Public Sees Visions for Renovation Coolidge Square, Weighs In on Project

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Charlie Breitrose

Gideon Schreiber, a senior planner with the Watertown Department of Economic Development and Planning, talks to attendees of the Coolidge Square Open House about plans to renovate Mt. Auburn Street.

Charlie Breitrose

Gideon Schreiber, a senior planner with the Watertown Department of Economic Development and Planning, talks to attendees of the Coolidge Square Open House about plans to renovate Mt. Auburn Street.

Town officials invited the public to come give its ideas for how to redesign and improve Mt. Auburn Street in the area of Coolidge Avenue, while making the area more efficient for motor vehicles, buses, bicycles and pedestrians.

Currently, the street has two lanes of traffic in each direction and parking on both sides of the street, but no dedicated bike lanes. Some ideas for changing the street include cutting the number of lanes of traffic to one each way with left turn lanes at intersections, adding bike lanes and making sidewalks wider in some places to allow easier crossings for pedestrians.

Planning for all modes of transportation is known as Complete Streets. At prior meetings about Mt. Auburn Street the plan, particularly the reduction of traffic lanes (sometimes called the road diet), has been met with skepticism and opposition from residents and business owners.

The open-house style format of Tuesday’s meeting allowed town officials and representatives from WorldTech engineering firm to speak one-on-one with residents to answer questions and address concerns, said Department of Public Works Superintendent Gerald Mee. By 5 p.m., an hour into the three hour event, the auditorium at the Apartments at Coolidge School had a healthy crowd of people chatting and looking at informational posters.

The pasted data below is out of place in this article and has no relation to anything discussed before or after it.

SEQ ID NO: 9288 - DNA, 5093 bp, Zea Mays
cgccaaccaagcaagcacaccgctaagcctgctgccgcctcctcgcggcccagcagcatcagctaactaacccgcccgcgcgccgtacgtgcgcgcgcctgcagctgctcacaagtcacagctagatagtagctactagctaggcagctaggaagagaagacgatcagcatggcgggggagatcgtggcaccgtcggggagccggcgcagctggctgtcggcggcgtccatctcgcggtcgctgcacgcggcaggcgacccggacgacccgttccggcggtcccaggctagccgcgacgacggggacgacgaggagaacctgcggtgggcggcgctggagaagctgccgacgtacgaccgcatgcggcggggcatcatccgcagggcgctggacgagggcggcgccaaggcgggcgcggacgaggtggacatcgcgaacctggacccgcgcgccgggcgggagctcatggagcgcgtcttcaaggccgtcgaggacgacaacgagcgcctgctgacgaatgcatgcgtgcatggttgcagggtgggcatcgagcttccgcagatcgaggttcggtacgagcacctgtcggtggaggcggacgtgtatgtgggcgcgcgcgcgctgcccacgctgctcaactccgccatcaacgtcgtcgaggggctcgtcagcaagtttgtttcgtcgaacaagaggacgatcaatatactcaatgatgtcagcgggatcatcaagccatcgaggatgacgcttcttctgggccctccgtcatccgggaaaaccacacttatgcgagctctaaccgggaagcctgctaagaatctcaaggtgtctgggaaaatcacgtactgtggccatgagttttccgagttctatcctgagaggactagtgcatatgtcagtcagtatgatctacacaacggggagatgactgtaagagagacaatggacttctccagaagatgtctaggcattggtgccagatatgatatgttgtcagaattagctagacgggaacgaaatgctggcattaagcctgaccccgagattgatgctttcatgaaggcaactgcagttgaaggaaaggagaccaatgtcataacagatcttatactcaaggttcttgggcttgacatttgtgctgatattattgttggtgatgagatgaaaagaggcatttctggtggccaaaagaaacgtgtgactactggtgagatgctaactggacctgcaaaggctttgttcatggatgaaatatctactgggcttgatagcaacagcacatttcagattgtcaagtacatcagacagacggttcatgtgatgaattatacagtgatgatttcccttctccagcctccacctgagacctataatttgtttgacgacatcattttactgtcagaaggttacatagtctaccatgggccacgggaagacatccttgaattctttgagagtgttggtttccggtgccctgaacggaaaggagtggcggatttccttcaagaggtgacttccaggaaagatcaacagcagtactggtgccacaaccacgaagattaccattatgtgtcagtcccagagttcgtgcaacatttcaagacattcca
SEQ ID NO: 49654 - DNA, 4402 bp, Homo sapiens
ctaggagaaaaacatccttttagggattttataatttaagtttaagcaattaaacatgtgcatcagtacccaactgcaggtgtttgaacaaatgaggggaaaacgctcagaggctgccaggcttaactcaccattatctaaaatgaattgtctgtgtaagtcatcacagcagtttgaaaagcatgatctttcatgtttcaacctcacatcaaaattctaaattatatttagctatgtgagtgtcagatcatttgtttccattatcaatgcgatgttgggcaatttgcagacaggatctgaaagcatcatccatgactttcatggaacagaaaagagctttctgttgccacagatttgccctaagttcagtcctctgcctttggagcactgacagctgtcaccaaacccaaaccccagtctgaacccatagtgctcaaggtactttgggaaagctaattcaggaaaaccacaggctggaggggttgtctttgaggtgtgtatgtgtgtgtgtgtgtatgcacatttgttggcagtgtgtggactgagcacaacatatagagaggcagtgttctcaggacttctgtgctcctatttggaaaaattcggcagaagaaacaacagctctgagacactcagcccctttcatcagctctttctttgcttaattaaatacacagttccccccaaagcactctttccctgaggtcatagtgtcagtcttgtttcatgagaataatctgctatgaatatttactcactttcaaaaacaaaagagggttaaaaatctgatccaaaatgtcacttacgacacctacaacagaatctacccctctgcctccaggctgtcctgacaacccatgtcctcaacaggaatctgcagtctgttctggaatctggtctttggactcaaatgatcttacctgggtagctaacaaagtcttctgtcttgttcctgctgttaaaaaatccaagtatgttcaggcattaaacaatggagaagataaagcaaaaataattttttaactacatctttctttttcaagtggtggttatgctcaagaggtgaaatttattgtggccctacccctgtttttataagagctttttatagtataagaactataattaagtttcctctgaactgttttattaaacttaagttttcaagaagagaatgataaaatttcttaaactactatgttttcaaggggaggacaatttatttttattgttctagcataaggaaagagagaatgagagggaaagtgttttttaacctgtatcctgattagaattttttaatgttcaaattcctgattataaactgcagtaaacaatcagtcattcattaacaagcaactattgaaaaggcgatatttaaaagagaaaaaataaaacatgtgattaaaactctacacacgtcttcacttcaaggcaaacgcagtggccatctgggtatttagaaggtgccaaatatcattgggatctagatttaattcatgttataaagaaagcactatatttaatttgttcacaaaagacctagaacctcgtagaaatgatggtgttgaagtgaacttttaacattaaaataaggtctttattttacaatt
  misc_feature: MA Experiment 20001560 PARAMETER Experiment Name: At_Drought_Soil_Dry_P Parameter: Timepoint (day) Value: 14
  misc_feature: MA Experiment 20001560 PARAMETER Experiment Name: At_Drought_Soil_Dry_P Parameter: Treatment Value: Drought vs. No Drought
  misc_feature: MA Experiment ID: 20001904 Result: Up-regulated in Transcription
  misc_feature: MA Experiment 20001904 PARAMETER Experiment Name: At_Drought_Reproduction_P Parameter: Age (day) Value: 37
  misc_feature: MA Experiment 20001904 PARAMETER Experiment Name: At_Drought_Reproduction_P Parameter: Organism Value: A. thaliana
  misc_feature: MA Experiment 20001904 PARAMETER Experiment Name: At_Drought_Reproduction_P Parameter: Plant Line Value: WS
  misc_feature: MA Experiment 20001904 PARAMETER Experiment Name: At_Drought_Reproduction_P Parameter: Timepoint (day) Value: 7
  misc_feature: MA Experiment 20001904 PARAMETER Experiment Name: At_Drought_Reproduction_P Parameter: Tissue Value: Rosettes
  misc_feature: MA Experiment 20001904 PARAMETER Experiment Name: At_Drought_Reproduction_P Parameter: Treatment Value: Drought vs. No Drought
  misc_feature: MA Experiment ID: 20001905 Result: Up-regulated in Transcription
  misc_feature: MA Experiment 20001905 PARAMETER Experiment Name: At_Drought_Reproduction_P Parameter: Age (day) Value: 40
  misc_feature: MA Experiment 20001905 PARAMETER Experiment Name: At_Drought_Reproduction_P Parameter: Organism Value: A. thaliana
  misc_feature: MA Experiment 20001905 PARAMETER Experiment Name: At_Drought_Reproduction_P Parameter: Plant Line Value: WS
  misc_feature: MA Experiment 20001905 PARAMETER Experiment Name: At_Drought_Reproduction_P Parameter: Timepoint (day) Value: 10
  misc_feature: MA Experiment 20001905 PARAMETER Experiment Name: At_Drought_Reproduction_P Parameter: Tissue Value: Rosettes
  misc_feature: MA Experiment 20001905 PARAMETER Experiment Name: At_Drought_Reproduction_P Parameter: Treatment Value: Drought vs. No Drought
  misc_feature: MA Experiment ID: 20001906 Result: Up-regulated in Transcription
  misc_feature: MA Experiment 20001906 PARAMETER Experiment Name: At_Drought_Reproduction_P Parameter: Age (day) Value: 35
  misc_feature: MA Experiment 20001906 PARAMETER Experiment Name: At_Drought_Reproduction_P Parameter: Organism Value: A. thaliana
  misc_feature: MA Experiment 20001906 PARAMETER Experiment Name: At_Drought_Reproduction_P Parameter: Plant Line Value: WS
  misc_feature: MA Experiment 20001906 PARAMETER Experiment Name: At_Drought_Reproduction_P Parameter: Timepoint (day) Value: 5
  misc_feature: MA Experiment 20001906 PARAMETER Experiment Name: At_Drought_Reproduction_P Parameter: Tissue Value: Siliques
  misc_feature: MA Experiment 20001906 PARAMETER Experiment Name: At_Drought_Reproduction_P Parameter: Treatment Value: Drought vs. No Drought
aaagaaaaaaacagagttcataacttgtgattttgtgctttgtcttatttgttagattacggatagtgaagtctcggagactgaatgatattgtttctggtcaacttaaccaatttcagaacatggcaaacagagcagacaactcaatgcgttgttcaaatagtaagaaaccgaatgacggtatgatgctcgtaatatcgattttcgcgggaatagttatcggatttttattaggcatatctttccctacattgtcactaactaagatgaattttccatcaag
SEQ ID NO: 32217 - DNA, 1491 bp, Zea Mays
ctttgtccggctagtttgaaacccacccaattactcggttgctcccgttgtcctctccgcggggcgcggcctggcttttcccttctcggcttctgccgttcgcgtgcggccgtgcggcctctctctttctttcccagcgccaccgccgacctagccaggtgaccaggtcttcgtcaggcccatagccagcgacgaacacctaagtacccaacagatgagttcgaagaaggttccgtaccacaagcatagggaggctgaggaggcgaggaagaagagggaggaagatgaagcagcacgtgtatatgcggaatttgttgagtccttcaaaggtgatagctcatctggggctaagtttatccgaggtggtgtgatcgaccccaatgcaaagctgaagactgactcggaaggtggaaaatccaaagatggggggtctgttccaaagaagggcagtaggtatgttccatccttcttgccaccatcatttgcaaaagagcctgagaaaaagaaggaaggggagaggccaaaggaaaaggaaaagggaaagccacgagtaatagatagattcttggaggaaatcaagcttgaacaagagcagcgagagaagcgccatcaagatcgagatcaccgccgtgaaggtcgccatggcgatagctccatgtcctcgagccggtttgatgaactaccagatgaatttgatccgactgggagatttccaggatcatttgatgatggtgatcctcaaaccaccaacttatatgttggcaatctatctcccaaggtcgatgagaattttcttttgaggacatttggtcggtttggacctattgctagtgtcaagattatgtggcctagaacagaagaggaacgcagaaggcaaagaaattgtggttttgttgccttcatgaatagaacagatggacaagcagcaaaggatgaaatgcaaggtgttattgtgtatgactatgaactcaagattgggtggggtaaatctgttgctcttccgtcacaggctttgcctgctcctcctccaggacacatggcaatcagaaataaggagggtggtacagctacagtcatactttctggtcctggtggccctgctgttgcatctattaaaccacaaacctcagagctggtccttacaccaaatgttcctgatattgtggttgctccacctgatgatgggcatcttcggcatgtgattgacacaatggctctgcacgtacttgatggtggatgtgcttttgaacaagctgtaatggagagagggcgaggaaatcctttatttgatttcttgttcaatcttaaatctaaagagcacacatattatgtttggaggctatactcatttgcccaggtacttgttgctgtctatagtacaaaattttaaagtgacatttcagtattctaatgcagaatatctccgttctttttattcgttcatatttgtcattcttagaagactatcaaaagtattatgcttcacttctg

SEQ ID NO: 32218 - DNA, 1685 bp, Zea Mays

“This is a fantastic turnout,” Mee said.

Designing Coolidge Square so it works for all modes of transportation and is still a vibrant business district poses a challenge, Schuman said.

“A lot of people want to use the space, and we have parking on both sides, sidewalks,” Schuman said. “We really want to preserve parking. We recognize parking is important to businesses. On the other hand we want to make the streetscape walkable.”

Charlie Breitrose

An illustration of how a street with a road diet is supposed to be more efficient than two travel lanes.

While the sidewalk is wide enough in many areas, Schuman said there are choke points for pedestrians, such as where street trees are planted and in the area near the gas station and diner at the corner of Bigelow Avenue.

Traffic flow, of course, is also a priority. One part of the plan is to improve the traffic signals in Coolidge Square, said Michael Pompili from WorldTech. Designers plan to coordinate the signals at Arlington Street and Mt. Auburn Street, and Bigelow Avenue/Kimball Road and Mt. Auburn.

“The signals don’t talk to each other at all. We would change that,” Pomplili said.

Public transportation is also a big emphasis, Mee said. Proposals include moving bus stops so that buses don’t get stuck at lights and other measures. Many people rely on the MTBA to travel the corridor.

“People may not realize that 2/3 of the rush is on transit,” Mee said.

Bicycle lanes have been discussed along the entire length of Mt. Auburn Street. Not all sections will have separate bike lanes, but it is being considered for the Coolidge Square area.

Coolidge Square resident Pete Airasian said he does not want to see bike lanes interfere with people getting to the stores along Mt. Auburn Street.

“The ones in Somerville with posts are impossible,” Airasian said.

Charlie Breitrose

The open house about the Mt. Auburn Street project in Coolidge Square, held at the Coolidge Apartments, drew a crowd.

Andy Compagna, a member of the Watertown Bicycle & Pedestrian Committee said he would like to see intersections that are easier for cyclists and people on foot to cross.

“They don’t mention protected intersections,” Compagna said while looking at the boards about the project. “The have some in Western Ave. in Cambridge where both bicyclists and pedestrians get ahead of the cars and get into the cross walk before traffic starts.”

Tuesday’s meeting was the first in a series about the Mt. Auburn Street project. The corridor has been broken into four segments, and Mee, and the DPW may host an open house for each section. The next meeting, however, will focus on transportation. It will be held on Feb. 15 from 6:30-8:30 p.m. at the Watertown Free Public Library, 123 Main St., Watertown.

Find out more about the renovation of Mt. Auburn Street at the project website,

Concerns Raised About Narrowing Mt. Auburn St. & Making it Safer for Bikes

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